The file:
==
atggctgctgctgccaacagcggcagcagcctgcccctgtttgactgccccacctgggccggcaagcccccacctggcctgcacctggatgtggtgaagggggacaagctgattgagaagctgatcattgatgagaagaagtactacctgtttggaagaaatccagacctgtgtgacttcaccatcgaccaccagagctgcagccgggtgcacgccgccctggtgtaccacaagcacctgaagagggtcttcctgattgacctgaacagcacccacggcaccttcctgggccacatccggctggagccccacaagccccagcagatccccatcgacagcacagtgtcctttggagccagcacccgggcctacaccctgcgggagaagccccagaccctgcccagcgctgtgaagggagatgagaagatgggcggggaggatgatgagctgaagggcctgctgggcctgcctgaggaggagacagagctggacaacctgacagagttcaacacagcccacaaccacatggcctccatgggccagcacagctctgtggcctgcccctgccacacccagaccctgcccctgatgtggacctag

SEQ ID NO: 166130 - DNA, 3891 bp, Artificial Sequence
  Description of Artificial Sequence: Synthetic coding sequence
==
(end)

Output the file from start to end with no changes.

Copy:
atggctgctgctgccaacagcggcagcagcctgcccctgtttgactgccccacctgggccggcaagcccccacctggcctgcacctggatgtggtgaagggggacaagctgattgagaagctgatcattgatgagaagaagtactacctgtttggaagaaatccagacctgtgtgacttcaccatcgaccaccagagctgcagccgggtgcacgccgccctggtgtaccacaagcacctgaagagggtcttcctgattgacctgaacagcacccacggcaccttcctgggccacatccggctggagccccacaagccccagcagatccccatcgacagcacagtgtcctttggagccagcacccgggcctacaccctgcgggagaagccccagaccctgcccagcgctgtgaagggagatgagaagatgggcggggaggatgatgagctgaagggcctgctgggcctgcctgaggaggagacagagctggacaacctgacagagttcaacacagcccacaaccacatggcctccatgggccagcacagctctgtggcctgcccctgccacacccagaccctgcccctgatgtggacctag

SEQ ID NO: 166130 - DNA, 3891 bp, Artificial Sequence
  Description of Artificial Sequence: Synthetic coding sequence